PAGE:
News / 20 June 2010

Dutch TV broadcast: ‘Power stinks!’ Both ENDS partners speak out.

The Dutch news programme Netwerk will be broadcasting two items called 'Stroom stinkt!' (Power stinks) today and on Thursday about the origin of coal used in the Netherlands. Many Dutch energy companies use coal from developing countries like South Africa and Colombia to generate electricity. The working conditions in mines are often very bad and coal mining has tremendous impact on the environment and local living conditions. Farmland is destroyed and ground- and drinking water become polluted with chemicals used in the mines. Both ENDS' partners from South Africa and Colombia tell their story in the broadcast.


Matthews Hlabane from the Green Revolutionary Council in South Africa and Andrea Becerra of the Colombian ILSA organisation were the head speakers at a Political Café held by Both ENDS in The Hague on 25 March 2010. During the debate, they spoke to other guests - including one from energy company Essent - about their personal experiences with coal mining. Matthews Hlabane from the mining city of Witbank told about the fish and crocodile deaths in a nearby nature reserve, caused by heavy chemicals. But he also mentioned the dozens of fatal accidents caused by heavy landslides and open mine shafts.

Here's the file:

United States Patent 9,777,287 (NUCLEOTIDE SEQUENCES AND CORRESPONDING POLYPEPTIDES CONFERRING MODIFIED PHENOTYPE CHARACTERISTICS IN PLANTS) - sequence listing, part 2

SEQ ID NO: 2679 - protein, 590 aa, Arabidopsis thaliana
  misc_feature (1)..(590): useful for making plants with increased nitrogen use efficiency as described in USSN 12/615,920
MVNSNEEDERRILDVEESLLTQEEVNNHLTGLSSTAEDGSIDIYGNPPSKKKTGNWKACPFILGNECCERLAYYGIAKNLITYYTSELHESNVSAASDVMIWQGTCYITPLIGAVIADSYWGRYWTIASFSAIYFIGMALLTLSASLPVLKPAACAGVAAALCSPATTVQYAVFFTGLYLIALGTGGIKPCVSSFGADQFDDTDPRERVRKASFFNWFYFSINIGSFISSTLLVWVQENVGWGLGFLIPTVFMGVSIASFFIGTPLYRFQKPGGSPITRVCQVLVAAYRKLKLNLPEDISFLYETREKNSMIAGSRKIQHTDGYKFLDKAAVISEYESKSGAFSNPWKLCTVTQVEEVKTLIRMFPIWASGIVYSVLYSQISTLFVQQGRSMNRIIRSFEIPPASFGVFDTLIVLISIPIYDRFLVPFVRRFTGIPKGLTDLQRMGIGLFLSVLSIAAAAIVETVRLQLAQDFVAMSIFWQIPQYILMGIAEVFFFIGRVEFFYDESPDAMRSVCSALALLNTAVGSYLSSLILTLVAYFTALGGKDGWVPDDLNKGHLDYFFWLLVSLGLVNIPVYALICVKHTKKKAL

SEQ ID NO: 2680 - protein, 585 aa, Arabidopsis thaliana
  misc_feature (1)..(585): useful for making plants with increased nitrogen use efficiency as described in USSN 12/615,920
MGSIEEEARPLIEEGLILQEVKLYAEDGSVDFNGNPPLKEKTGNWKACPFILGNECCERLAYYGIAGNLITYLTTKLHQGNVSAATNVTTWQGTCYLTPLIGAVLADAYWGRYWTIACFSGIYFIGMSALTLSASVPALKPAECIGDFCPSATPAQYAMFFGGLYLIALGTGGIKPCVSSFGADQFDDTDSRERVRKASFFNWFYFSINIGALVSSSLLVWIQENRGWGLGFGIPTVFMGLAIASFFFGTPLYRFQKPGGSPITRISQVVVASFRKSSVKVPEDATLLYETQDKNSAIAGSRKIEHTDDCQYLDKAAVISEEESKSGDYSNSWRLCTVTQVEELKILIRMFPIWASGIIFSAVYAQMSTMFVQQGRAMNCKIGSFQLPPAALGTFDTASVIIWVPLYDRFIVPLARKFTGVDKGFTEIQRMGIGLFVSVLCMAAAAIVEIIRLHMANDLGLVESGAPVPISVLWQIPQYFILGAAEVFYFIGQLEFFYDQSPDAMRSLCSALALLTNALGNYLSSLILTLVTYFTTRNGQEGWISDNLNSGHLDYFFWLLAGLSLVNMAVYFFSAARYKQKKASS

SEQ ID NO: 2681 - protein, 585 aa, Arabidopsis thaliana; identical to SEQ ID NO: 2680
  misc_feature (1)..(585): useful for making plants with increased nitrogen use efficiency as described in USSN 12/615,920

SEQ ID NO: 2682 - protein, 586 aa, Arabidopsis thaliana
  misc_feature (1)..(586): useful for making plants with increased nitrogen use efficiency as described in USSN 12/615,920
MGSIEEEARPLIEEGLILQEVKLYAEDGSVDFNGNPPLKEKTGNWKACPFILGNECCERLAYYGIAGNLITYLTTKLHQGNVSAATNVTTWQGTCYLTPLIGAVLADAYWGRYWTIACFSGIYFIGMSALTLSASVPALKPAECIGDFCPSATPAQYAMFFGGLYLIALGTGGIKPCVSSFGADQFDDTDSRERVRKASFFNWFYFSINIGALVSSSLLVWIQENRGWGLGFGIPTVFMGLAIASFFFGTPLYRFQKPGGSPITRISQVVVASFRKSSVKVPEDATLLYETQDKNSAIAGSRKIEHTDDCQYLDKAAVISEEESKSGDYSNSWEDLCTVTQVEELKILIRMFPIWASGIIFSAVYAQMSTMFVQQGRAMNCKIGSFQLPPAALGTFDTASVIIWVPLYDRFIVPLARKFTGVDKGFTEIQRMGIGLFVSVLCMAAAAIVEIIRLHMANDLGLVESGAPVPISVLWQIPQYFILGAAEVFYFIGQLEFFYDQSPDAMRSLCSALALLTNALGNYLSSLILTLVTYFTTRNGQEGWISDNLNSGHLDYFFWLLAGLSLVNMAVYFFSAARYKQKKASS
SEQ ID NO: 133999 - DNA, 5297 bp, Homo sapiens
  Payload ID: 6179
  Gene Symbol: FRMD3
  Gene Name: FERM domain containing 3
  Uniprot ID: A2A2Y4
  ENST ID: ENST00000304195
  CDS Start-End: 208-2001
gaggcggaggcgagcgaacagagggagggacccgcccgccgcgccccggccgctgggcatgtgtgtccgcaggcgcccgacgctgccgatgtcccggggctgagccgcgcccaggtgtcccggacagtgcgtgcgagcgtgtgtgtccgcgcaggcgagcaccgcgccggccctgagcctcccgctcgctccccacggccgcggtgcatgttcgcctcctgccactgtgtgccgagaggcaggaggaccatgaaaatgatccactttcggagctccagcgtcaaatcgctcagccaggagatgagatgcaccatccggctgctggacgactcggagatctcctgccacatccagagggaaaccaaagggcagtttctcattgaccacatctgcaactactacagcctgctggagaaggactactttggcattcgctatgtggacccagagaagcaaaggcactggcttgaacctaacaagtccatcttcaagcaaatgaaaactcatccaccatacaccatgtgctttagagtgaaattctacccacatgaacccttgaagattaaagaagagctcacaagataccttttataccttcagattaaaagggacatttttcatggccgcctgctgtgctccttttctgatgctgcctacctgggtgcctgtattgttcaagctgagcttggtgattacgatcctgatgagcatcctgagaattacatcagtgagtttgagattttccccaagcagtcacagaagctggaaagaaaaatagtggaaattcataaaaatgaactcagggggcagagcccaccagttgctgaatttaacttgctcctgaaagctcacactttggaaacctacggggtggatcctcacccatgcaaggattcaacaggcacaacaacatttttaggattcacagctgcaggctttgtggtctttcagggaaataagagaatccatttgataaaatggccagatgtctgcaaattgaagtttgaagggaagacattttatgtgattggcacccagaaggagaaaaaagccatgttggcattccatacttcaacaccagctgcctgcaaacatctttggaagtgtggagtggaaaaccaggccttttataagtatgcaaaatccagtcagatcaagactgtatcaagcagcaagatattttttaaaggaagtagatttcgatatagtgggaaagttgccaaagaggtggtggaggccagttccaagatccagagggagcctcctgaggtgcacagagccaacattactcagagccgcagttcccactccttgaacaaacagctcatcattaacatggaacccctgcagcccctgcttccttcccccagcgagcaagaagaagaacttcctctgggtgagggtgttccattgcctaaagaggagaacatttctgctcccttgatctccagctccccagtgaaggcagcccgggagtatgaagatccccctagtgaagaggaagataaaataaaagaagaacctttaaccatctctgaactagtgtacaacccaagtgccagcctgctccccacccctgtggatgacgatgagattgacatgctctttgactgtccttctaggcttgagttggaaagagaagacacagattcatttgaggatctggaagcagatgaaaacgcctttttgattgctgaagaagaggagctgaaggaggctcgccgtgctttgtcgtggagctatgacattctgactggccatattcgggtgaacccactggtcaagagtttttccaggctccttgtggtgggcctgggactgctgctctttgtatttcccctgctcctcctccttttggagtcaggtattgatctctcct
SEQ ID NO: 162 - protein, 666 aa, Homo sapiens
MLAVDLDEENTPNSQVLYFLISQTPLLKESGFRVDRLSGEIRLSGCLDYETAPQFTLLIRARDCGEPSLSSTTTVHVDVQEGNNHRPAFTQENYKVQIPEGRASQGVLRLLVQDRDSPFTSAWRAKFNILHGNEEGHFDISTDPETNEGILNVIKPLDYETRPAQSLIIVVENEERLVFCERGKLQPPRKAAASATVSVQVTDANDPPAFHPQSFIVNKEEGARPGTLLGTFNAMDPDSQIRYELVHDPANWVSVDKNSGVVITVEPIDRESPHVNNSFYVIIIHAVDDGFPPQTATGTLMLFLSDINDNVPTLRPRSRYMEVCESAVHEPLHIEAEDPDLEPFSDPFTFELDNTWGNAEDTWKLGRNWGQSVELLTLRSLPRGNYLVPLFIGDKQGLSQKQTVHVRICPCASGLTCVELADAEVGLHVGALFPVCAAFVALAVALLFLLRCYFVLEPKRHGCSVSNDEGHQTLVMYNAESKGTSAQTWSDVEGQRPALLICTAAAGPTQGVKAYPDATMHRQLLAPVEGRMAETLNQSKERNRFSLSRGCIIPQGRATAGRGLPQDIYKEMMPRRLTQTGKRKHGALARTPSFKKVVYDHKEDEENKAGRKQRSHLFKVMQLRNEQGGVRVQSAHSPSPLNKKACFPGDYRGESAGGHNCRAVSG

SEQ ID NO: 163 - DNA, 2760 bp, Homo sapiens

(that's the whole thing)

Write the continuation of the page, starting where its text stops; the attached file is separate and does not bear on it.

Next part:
It is crucial that Dutch and European energy companies pay more attention to the local impacts of coal mining. Cheap energy in the Netherlands should not be detrimental to humans and the environment in the countries of origin. Both ENDS has entered talks with Dutch energy companies about this topic.


Stroom stinkt! will be broadcast on Tuesday, 29 June and Thursday, 1 July from 20:30 to 21:00 by Netwerk on the Nederland 2 channel. To watch the two episodes please check below.


Also see the factsheet Both ENDS wrote and shared with a number of Dutch parliamentarians (only in Dutch).


For more information on the environmental and social impacts of coal mining in developing countries and the role of Dutch energy companies, contact Tim Senden or call 020 530 6600.


Photo by: chrismar on

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